Confined Space Rescue – Is My Crew Going Home Safely

It has always fascinated me that whilst most appear to be aware of the dangers of working in confined spaces, injury and loss of life due to working in confined spaces across the globe continues to increase.

As we continue to raise awareness of the significant dangers that confined spaces can pose to the health and safety of workers, we must also focus on strengthening all controls used to prevent injury and death as a result of working in confined spaces. Although confined space entry planning and preparation should control all risks associated with a confined space entry, history tells us that is not the case.

Rescue of an occupant is our last line of defence and the protection of rescuers is essential. Not only are we obligated to ensure that rescuers are not exposed to uncontrolled hazards – we also need to acknowledge that if a rescuer is incapacitated by injury (or worse), the initial victim then also remains in need of urgent life-saving assistance.

For our last line of defence to be effective, effective preparation and planning is critical. Confined Space Rescue is a specialist task needing to be performed by certified and trained rescuers using compliant and fit-for-purpose rescue equipment.

Perhaps most important of all – All rescue operations must and should be rehearsed prior to any entrant occupying a confined space.

Here are 6 steps to managing your Confined Space Rescue:

1. Pre-Incident Preparation

Preparation for a confined space rescue operation should include:

  • Identifying the personnel who will make up the rescue crew and ensuring that they are appropriately trained
  • Considering and documenting the most likely rescue scenarios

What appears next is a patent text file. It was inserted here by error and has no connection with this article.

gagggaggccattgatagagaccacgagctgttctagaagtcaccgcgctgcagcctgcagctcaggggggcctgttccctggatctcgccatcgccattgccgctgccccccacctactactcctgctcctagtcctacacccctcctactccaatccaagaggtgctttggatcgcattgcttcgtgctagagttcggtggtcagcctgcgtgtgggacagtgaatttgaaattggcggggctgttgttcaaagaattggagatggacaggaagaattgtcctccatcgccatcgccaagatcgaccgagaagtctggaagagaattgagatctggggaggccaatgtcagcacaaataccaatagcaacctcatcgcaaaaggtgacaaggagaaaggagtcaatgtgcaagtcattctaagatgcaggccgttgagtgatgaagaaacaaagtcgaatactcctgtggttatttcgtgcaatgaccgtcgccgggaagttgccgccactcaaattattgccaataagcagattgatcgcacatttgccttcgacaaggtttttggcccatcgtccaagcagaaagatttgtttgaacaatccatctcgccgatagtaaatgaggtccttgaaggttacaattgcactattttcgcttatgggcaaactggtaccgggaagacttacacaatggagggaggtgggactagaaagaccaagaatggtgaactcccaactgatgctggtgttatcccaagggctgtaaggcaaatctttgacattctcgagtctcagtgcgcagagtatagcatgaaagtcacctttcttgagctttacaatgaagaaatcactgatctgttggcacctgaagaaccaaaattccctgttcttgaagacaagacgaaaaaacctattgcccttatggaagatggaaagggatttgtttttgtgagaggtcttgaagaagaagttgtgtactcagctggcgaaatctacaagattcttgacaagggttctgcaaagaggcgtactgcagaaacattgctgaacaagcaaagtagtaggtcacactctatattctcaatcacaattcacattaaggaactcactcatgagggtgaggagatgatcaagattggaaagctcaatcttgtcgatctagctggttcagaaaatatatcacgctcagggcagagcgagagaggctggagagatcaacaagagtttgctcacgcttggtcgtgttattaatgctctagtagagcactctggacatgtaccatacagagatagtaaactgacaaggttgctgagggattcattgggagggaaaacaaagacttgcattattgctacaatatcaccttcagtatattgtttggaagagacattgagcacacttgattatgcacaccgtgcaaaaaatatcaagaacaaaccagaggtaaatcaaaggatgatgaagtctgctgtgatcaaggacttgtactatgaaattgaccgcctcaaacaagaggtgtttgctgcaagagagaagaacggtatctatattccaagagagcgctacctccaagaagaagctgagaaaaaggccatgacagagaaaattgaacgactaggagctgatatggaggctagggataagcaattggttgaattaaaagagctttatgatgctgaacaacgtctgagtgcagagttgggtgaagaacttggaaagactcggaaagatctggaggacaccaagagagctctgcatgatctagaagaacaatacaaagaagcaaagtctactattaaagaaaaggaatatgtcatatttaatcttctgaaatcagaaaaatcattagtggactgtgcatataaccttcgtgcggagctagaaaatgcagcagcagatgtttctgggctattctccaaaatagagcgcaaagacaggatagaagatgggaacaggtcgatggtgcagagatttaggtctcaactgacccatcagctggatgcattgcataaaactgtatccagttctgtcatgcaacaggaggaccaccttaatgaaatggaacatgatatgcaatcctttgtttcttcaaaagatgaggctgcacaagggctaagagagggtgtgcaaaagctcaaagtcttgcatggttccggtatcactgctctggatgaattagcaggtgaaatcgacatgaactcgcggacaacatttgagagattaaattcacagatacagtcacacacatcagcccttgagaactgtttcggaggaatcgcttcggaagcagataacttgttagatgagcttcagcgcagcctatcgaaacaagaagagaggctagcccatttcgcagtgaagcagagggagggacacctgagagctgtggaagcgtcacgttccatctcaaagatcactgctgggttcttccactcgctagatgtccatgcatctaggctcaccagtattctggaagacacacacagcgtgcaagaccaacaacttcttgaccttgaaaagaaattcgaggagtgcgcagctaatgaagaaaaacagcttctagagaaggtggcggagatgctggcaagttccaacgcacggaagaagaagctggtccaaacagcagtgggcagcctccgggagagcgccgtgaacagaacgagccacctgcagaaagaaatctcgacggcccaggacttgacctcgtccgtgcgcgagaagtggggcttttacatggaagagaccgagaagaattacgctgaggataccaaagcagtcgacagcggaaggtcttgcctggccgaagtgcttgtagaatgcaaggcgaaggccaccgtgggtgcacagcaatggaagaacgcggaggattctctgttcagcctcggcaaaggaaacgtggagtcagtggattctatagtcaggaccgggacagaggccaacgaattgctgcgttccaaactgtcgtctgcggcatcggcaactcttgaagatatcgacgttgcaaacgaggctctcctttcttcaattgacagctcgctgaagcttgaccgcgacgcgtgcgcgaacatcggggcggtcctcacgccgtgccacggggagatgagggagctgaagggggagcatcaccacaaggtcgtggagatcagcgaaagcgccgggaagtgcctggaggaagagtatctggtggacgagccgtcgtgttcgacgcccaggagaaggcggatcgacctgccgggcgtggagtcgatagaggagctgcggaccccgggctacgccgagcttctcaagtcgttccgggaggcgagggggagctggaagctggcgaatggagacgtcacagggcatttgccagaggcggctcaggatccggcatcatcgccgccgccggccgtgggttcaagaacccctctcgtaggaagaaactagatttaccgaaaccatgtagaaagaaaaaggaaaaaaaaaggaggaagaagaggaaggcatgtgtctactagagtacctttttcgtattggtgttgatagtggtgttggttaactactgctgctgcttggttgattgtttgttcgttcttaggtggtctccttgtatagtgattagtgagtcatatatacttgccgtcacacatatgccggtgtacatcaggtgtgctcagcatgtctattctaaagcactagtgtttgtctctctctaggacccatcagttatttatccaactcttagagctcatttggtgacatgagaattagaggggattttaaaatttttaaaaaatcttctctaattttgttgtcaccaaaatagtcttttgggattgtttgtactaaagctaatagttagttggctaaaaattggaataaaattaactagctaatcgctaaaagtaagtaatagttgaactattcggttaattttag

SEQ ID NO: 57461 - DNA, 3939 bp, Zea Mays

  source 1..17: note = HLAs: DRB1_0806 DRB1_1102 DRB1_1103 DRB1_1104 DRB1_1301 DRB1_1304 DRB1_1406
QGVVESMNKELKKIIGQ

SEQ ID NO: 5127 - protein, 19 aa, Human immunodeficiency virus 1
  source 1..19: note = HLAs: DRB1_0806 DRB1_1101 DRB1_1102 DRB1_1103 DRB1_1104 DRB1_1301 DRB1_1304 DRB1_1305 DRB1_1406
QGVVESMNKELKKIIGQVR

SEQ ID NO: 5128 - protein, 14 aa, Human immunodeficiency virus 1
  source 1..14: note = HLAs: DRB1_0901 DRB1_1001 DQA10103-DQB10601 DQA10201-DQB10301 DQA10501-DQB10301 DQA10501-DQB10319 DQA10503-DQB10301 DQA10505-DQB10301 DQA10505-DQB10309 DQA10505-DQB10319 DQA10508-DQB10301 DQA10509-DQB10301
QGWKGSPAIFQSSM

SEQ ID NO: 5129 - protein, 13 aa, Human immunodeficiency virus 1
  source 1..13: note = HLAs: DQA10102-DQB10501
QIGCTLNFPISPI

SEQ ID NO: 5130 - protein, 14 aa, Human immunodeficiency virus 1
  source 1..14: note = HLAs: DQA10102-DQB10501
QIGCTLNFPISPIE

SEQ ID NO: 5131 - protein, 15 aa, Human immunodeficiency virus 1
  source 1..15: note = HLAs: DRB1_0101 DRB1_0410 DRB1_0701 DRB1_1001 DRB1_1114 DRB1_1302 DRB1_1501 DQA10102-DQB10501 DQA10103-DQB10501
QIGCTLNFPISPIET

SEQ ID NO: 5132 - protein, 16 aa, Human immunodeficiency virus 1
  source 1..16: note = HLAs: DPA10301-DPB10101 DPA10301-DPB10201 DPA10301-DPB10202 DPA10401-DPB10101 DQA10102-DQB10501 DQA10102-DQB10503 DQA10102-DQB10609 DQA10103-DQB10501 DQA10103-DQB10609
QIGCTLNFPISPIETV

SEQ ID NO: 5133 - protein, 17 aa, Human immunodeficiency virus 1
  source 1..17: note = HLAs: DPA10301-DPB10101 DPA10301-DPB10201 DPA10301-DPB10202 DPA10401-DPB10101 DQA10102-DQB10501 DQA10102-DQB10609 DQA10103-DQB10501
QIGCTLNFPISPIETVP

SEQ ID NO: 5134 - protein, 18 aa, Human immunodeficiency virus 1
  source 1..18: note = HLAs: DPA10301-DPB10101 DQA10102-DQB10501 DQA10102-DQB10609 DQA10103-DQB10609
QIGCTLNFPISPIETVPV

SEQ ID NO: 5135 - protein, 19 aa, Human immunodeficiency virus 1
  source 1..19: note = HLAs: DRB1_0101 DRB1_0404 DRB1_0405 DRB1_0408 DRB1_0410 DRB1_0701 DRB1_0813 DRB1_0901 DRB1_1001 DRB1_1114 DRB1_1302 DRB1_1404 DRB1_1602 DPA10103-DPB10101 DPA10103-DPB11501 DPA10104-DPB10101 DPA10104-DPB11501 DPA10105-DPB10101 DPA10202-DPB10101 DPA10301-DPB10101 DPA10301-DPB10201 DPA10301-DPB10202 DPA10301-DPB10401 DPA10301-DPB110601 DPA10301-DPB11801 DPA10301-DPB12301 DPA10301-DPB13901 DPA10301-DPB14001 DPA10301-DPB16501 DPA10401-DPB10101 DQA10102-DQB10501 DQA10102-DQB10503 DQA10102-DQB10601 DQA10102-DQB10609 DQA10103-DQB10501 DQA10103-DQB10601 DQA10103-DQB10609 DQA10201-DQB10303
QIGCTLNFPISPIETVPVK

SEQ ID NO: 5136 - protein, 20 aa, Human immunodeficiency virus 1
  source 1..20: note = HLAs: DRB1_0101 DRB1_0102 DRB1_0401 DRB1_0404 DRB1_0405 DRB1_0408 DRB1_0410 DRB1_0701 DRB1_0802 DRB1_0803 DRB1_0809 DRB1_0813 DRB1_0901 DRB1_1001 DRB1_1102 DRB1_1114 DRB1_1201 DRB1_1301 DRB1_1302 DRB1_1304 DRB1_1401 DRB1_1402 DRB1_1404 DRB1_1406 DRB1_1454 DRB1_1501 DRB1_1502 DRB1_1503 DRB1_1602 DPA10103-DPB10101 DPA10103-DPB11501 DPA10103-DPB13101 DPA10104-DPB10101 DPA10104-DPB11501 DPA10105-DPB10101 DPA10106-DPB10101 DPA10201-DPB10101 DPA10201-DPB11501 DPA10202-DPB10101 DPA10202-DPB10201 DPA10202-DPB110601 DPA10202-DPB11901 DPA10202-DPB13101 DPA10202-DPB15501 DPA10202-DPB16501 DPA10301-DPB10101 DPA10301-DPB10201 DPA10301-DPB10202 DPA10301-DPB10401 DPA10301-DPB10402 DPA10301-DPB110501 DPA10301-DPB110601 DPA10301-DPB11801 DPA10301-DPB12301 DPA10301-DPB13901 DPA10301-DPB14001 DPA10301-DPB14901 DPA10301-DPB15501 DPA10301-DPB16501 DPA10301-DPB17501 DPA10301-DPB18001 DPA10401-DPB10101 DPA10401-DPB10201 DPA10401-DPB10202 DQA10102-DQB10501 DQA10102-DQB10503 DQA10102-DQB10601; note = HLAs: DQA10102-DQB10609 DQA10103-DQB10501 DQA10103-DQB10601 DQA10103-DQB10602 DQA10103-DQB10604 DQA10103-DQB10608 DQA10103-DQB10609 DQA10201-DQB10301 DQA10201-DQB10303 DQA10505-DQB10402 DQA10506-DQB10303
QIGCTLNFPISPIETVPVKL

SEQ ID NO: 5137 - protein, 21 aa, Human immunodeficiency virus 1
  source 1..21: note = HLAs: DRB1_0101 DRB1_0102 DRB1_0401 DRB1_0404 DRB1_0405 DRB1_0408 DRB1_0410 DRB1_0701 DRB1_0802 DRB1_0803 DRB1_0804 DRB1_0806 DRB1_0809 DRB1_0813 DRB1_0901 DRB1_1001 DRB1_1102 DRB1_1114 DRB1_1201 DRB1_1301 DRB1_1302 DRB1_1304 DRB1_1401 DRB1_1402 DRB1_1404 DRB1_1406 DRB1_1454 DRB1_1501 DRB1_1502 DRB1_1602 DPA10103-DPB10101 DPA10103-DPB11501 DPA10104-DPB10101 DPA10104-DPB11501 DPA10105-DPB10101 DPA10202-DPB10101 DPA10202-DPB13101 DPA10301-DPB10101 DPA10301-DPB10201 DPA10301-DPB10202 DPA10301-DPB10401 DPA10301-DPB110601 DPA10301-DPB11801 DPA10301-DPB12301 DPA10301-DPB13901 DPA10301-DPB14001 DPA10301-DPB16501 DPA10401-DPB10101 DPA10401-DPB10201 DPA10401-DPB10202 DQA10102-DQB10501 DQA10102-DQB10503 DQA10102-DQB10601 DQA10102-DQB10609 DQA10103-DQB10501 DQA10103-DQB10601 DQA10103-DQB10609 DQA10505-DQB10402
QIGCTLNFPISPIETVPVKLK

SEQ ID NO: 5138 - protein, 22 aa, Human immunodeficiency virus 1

• Outlining the equipment required for each scenario and ensuring each item is accessible and in service

2. Crucial Consideration

At the scene, atmospheric conditions should be continuously monitored and all associated paperwork should be assessed and modified according to the exact set of circumstances observed by the rescue crew. By now, emergency service attendance should have been requested.

3. Locate and Communicate

The rescue crew should locate the victim, establish their condition and maintain ongoing communication.

4. Extricate

After accessing and assessing the victim, remove them from the confined space (noting that they may be in need of breathable air and urgent medical care)

5. Handover

Pass the victim on to professional medical care (and provide as much information as possible to the paramedics).

6. Debrief and Conclude

The rescue crew should finalise their documentation (which will likely need to be provided to WorkSafe for investigatory purposes), complete any and all post-incident reports and discuss any opportunities for improvement.

Whilst the dangers of working in confined spaces seem to be well known and understood, a lack of planning and preparation for rescue leads to undesired outcomes. So you should ask yourself:

  • Have I recently completed or reviewed risk assessments for my confined spaces?
  • Is my confined space entry crew appropriately trained?
  • Do I have appropriate supervision of the task?
  • Have I planned for the worst-case scenarios?
  • Do I have the right rescue equipment?
  • Are there suitably trained and competent personnel on-the-ready should the need arise?

And perhaps most importantly:

  • Can I put my hand on my heart and say everyone in my team is going home safely to their families on my watch?

We encourage you and will continue to work with you, to keep you and your families safe.

If you require further information or assistance, please call our office on 1800 143 343.

All the best,

Aaron Monaghan

General Manager

WAM Training (RTO 22054)

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